By Jeff Valdez
Greetings from behind the “Tinseltown Curtain” in “Hollywould’vecould’ve should’ve.”
This morning I wandered upon an interesting article online. It was about how non-white babies have surpassed white babies in America. The writer then used a term that really caught my attention, he stated, “Latinos, Blacks and Asians are now the “majority/minority.” Silly me, and here I always thought that anything above 50% was simply referred to as a “majority,” no mas. I wondered what that term means to institutions like the NBA, where most players are black. These players make a “majority” of the points, a “majority” of the salary is given to them, and they receive a “majority” of sponsorship endorsements that helps sell a “majority” of an advertiser’s products. So does that still make them a “majority/minority?” More importantly, does that mean that the opposite holds true, that Vanilla Ice was a “minority/majority?”
Tonight at dinner, I decided to pose a question to my eleven year-old son. Kids are honest, I’ll get a straight answer from him. I queried, “Max, what do you think the words “majority/minority,” mean?” He thought for a moment, looked up from his dinner and said, “That doesn’t even make any sense, that’s like saying hot/cold or tall/short.” Like I said, kids are soooo honest. I counted my losses and left the table. I should know better than to go toe to toe with an eleven year-old.
I went back to my laptop and did more research. I found out the word “minority” was coined in 1533 to mean “The smaller in number of two parts,” that seems a reasonable definition as it is numerically based. However in 1921, a second definition of the word “minority” was added, “A group that is different racially, politically, etc, from a larger group of which it is a part.” The original 1533 definition seemed to work fine, not sure why the need for the change, like they say, “If it ain’t broke, don’t fix it.” Then again, 1921 wasn’t the most sensitive time in US history. Hell, women only got the right to vote a year earlier. Now I get the point behind Darwin’s evolutionary chart.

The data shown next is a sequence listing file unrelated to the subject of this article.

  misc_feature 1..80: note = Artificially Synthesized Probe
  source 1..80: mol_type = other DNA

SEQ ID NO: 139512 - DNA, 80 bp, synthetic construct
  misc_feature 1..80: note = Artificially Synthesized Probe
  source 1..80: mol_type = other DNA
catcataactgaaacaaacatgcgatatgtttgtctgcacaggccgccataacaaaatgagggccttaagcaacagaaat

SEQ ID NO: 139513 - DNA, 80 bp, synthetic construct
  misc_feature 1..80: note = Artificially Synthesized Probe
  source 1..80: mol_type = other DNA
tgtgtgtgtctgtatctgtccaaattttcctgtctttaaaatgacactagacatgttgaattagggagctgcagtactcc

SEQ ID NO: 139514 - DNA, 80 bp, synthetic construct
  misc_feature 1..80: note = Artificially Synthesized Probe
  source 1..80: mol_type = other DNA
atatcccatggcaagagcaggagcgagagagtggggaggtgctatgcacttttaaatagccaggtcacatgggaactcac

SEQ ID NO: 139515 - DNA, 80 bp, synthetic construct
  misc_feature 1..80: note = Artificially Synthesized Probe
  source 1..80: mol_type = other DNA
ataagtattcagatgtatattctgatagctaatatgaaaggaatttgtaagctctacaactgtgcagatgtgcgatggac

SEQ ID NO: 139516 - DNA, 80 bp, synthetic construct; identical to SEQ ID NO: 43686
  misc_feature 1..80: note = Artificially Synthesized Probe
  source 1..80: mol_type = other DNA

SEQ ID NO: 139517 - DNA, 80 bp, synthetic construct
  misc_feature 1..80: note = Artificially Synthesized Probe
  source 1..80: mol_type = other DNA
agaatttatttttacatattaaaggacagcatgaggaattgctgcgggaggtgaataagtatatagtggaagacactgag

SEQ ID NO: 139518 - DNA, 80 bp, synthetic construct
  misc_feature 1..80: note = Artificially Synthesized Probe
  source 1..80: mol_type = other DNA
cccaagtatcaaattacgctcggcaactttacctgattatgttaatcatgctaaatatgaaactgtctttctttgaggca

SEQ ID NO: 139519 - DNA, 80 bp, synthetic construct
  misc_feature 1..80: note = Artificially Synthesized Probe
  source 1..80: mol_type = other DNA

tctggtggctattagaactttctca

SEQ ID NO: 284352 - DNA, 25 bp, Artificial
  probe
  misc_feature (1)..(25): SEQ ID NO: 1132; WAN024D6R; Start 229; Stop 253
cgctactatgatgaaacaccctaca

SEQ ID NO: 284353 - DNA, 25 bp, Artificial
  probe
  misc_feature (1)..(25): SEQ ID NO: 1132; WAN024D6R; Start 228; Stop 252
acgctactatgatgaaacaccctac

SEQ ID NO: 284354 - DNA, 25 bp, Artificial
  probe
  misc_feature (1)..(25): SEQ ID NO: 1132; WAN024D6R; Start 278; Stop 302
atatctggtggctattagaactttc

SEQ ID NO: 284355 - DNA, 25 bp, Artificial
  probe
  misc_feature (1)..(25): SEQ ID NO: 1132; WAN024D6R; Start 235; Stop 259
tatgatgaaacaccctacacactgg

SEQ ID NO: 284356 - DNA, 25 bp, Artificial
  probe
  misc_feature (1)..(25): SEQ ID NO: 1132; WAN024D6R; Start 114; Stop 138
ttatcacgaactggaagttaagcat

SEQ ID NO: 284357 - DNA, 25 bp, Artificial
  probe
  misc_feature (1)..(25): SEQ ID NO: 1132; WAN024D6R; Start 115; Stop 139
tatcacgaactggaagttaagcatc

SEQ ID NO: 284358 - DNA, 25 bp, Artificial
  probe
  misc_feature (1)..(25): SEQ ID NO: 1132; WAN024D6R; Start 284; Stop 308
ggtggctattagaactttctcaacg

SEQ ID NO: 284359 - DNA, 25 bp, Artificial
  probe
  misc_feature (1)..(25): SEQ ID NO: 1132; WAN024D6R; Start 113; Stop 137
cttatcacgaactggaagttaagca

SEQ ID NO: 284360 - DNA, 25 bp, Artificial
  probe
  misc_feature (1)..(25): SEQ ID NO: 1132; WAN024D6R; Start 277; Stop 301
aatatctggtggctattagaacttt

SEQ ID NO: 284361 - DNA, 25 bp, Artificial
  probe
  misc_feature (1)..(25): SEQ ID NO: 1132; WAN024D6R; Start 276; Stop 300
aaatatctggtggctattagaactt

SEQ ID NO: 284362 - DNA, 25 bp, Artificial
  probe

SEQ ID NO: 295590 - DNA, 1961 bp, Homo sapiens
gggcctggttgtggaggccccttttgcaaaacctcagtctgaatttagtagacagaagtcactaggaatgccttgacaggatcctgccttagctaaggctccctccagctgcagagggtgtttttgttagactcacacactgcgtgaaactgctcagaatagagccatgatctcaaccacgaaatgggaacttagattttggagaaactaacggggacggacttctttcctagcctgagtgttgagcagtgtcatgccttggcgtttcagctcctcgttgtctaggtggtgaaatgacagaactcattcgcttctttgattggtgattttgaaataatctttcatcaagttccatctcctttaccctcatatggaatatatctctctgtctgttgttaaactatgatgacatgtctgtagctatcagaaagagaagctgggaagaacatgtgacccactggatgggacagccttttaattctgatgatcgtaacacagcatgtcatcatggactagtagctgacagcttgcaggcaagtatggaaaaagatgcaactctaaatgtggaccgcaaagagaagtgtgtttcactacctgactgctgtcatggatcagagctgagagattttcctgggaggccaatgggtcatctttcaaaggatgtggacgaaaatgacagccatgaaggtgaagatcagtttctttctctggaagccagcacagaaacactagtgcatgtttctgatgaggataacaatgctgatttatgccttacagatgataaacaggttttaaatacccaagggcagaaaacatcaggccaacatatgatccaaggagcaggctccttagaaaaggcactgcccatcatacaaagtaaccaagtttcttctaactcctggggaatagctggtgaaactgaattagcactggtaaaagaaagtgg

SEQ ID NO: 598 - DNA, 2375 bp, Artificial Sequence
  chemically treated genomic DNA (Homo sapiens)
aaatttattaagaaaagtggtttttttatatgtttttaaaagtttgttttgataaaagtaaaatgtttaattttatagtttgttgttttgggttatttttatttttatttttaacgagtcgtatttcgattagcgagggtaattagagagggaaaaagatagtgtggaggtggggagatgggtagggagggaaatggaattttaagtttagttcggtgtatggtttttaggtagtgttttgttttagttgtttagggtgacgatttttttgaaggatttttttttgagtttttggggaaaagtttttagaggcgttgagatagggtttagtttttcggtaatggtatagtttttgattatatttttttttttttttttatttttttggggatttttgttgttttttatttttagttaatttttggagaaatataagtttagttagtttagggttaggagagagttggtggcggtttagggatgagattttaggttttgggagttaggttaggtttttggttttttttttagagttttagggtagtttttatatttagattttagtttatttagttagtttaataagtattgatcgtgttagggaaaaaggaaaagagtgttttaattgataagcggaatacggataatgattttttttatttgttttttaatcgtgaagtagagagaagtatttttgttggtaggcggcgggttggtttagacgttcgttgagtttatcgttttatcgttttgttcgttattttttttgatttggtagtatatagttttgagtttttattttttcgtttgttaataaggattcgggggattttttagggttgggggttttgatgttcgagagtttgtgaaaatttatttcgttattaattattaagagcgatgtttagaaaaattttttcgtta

Before bed, my son approached me and asked, “Dad, I’ve been thinking about the question you asked me earlier about majority/minorities and was wondering, who are we? Are we minorities?” Wow, I had to think long and hard on how to answer this question to a kid that lives in Beverly Hills, goes to a private school and has traveled the world at eleven. I said, “Of course we are. As a matter of fact everyone, everywhere in the world, at one time or another is a “minority” But it has nothing to do with the color of their skin, ethnicity or place of origin, only numbers.
What a heavy question for a kid to ponder: “Who are we?” Then I shared with my son the wisdom of one of the most powerful spiritual gurus in the last 100 years, not Gandhi, nor Mother Teresa, au contraire, this man wore only white, with a bell bottom cut, he was a vegan, since all that he consumed was spinach. This illuminated beings name was Popeye. As a little boy, he instilled in me the power to understand my place on the planet. And if he were around today to offer his spiritual guidance on such an important matter, he would probably say, “I am not a minority, nor a majority, nor a majority/minority, I am what I am.” My son smiled and thanked me and before he left the room I said, “And by the way, if anyone ever pushes you for an answer to that question, you simply say you are a part of the “New Majority.”
About Jeff Valdez:
Jeff Valdez is a serial entrepreneur, former standup comic and creative executive. He is currently the President of Max360 Entertainment, a distribution and content company. Jeff is passionate about the demographic shift that is happening in America and how to address the multitude of opportunities in this new landscape. Past endeavors include, co-founding the groundbreaking cable channel SiTV/(NuvoTV), Chairman of QuePasa.com and co-creator/show runner of the Nickelodeon hit show “The Brothers Garcia.” He was born in Pueblo, Colorado and currently resides in Beverly Hills with his wife Ana and sons Alex and Max.
Some of Jeff’s achievements include “One of the Top 50 People Who Matter,” CNN, “The Racial Harmony Award,” Center For Ethnic Understanding, “Top 50 Minorities In Cable,” Multichannel News and was also named one of “The Top 50 Marketers in America” Advertising Age.